I'm restoring a big file (~80GB, a virtual machine disk image).

Although I start the restore operation with >145GB disk space, as reported by df , the restore aborts with a message that my disk has only 900MB available. After the stoppage, I have a 64GB (partial, unusable) .vdi file in the target directory, while df reports that I have 81GB available.

(The latter number really looks like the same number as the size of the file being restored... is it a coincidence? If it checks that it has enough disk space to save the whole file until the end, in practice it would require twice the room!)

How come deja-dup (duplicity) aborts the operation if there is still so much disk space? What should I do to get my file restored?

PS. I saw that at the beginning (so called preparation) the available capacity starts to decrease (as reported by df) even before seeing any file being written in the target directory. Where does deja-dup (duplicity) write preliminary data, and what does it write? I see that something goes into ~/.cache/deja-dup, but it occupies "only" 2.1GB...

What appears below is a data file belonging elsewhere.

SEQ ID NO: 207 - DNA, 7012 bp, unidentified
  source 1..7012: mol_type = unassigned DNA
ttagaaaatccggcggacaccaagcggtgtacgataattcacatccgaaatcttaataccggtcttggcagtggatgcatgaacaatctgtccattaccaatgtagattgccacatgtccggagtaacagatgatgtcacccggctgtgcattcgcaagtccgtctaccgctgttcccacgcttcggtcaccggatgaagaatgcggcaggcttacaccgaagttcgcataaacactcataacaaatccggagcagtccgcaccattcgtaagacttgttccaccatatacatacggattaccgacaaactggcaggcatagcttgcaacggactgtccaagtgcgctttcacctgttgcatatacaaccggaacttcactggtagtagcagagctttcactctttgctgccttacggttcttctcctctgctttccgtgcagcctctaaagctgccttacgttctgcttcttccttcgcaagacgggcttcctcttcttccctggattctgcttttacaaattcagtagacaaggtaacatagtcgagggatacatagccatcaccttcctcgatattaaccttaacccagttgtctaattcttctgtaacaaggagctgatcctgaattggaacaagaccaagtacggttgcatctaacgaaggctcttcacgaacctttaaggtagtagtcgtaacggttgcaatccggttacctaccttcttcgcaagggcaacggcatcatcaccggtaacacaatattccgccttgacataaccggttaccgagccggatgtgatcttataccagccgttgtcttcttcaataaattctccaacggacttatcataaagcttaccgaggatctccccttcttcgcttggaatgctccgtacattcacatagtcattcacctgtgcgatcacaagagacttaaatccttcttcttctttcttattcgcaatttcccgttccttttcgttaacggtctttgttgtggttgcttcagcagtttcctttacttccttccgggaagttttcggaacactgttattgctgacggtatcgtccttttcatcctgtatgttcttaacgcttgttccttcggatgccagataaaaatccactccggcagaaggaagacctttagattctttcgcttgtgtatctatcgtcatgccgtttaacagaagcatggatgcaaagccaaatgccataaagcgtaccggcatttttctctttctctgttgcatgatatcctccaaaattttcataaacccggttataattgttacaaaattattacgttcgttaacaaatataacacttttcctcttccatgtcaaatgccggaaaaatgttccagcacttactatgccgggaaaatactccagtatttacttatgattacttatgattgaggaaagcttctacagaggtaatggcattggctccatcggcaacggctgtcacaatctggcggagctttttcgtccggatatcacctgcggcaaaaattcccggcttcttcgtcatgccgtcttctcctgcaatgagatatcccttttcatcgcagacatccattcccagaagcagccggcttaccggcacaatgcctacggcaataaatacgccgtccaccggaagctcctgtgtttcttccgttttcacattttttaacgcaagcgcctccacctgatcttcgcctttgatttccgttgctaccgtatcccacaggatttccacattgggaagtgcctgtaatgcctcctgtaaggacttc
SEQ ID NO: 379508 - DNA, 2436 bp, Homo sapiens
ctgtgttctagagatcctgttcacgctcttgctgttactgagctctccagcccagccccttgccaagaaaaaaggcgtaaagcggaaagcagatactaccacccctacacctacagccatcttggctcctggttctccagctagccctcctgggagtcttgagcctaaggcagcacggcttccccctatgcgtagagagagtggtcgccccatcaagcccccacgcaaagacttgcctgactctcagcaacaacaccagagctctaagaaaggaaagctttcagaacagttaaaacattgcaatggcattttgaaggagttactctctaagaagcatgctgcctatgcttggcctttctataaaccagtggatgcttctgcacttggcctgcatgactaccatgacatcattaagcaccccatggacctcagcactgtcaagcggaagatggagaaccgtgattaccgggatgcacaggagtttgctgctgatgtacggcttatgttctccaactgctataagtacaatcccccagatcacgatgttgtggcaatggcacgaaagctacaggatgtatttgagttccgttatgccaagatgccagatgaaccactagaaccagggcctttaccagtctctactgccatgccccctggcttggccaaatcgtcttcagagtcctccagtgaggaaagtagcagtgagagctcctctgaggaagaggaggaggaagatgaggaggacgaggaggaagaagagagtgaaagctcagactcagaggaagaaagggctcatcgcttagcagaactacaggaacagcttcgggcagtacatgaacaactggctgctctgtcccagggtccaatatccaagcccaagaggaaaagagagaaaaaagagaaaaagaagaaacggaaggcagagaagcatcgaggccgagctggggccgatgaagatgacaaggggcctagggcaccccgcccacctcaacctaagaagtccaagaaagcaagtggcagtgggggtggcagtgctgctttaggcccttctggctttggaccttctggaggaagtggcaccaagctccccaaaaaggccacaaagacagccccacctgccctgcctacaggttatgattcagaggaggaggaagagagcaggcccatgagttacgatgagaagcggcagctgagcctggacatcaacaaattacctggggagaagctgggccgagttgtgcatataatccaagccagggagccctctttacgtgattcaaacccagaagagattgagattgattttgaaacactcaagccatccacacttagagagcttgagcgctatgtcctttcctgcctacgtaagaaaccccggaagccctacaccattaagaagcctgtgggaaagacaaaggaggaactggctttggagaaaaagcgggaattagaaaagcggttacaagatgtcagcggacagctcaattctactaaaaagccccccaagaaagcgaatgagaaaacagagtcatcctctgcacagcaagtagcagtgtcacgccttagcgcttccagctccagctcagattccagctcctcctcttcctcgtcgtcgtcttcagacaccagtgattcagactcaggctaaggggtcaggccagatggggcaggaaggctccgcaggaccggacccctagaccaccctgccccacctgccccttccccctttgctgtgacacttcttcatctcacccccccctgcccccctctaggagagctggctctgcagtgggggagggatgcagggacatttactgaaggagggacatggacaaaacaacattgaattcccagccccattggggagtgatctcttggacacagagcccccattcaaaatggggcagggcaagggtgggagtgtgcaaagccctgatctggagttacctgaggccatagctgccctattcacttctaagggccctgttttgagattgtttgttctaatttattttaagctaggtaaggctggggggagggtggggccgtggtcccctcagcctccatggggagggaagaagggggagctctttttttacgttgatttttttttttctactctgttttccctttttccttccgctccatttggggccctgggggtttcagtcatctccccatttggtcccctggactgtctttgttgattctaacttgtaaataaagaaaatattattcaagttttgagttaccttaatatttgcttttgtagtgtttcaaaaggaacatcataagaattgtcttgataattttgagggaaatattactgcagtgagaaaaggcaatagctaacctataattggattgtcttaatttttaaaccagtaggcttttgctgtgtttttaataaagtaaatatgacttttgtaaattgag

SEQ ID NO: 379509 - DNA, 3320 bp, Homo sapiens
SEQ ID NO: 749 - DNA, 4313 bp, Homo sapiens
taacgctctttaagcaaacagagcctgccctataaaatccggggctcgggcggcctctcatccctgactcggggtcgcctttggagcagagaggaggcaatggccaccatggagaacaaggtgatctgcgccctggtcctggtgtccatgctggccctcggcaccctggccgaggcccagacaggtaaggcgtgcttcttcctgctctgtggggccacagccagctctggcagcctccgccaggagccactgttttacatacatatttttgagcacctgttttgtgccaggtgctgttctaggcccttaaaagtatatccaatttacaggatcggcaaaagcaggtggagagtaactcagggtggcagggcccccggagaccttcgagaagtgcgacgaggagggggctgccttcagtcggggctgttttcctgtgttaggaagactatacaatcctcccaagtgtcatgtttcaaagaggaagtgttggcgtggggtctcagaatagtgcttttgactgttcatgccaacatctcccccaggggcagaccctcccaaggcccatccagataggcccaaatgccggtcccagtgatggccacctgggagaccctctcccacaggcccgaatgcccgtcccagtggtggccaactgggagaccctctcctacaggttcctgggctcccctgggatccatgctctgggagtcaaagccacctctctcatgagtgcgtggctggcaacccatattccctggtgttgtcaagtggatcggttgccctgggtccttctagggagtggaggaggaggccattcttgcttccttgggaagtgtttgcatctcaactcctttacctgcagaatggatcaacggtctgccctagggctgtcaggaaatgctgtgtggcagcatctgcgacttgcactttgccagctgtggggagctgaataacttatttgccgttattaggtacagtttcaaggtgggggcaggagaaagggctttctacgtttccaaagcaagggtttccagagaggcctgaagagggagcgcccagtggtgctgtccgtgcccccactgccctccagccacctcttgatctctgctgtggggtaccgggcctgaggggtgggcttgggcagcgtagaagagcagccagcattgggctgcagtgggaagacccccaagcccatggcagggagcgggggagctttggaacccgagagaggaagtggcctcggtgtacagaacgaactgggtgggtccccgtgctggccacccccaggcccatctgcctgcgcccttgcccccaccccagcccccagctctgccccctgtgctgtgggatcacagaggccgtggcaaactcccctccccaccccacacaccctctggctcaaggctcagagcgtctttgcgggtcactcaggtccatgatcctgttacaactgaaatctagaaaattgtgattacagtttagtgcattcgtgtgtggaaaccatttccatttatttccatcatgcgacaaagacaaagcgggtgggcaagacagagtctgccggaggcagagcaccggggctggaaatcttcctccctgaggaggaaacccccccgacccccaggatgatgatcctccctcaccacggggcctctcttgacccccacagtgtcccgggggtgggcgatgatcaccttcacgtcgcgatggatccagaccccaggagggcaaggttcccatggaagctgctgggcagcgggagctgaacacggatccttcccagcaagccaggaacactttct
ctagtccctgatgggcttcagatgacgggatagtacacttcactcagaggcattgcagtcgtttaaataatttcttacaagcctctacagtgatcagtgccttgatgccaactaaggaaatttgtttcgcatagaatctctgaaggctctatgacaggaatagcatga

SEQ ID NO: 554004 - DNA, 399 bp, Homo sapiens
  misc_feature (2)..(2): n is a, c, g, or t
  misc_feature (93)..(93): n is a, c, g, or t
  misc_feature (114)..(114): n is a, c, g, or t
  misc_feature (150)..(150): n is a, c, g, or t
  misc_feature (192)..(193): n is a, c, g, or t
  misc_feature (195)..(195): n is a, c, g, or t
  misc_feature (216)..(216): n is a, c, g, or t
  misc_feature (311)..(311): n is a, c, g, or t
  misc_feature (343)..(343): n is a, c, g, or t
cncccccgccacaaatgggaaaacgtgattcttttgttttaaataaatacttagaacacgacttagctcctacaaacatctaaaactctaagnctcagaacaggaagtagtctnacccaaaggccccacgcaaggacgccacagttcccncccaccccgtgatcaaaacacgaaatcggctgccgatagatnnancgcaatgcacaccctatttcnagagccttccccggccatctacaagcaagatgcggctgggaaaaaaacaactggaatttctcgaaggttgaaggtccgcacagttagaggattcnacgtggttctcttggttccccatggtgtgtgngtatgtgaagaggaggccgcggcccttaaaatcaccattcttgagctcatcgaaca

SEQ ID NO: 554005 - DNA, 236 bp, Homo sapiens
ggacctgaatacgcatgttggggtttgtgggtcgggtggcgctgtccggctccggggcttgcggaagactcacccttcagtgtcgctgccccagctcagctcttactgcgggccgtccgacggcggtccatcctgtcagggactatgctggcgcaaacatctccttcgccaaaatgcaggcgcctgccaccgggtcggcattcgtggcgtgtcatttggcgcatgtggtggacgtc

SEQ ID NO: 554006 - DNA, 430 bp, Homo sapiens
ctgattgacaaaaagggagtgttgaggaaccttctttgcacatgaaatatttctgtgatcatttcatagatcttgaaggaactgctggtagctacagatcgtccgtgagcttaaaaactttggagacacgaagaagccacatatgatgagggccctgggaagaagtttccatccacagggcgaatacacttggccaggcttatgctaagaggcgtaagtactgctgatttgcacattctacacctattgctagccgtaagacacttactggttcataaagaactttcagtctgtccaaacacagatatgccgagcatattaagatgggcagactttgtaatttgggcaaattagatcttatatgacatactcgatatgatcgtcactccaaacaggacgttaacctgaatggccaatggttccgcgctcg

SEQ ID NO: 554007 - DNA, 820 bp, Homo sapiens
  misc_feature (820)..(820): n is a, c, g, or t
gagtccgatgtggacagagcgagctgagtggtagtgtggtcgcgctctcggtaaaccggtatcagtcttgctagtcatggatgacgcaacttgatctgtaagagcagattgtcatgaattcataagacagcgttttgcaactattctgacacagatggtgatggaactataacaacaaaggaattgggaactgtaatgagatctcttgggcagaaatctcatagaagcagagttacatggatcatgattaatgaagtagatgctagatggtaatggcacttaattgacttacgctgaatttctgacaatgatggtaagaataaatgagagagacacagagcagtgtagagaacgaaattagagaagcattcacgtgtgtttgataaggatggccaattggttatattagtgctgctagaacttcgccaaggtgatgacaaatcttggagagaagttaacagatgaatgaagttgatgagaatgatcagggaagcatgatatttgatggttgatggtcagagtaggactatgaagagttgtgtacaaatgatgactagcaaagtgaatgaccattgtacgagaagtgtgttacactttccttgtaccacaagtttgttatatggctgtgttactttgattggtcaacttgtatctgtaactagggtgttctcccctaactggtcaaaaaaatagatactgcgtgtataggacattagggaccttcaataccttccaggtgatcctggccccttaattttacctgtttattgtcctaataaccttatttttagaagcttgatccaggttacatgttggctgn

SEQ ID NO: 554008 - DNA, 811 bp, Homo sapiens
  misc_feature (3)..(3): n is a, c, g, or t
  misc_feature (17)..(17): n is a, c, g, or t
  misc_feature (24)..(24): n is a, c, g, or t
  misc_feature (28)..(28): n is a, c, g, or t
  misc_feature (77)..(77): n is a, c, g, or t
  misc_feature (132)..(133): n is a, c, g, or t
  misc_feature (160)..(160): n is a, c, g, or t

• 64G partial file + 81G available = 145G starting free space. I'm guessing that the file starts in /tmp, then gets moved to its final destination. Do you have another disk/destination that you can restore to? It may restore file fragments, and then have to assemble them into the final .vdi file, and that may be why it's running out of space. – heynnema Dec 18 '16 at 1:32

duplicity writes restores into the assigned temp folder. to restore a file it needs at least 2 times it's size, when there are incrementals. that is because internally it restores the oldest version then uses librsync to rebuild the next version based on that with the diff info avail and so on until the requested date is restored, then the file will be moved to the target file system.

simply set duplicity TEMPDIR to a file system that has ample of space and you will be set.


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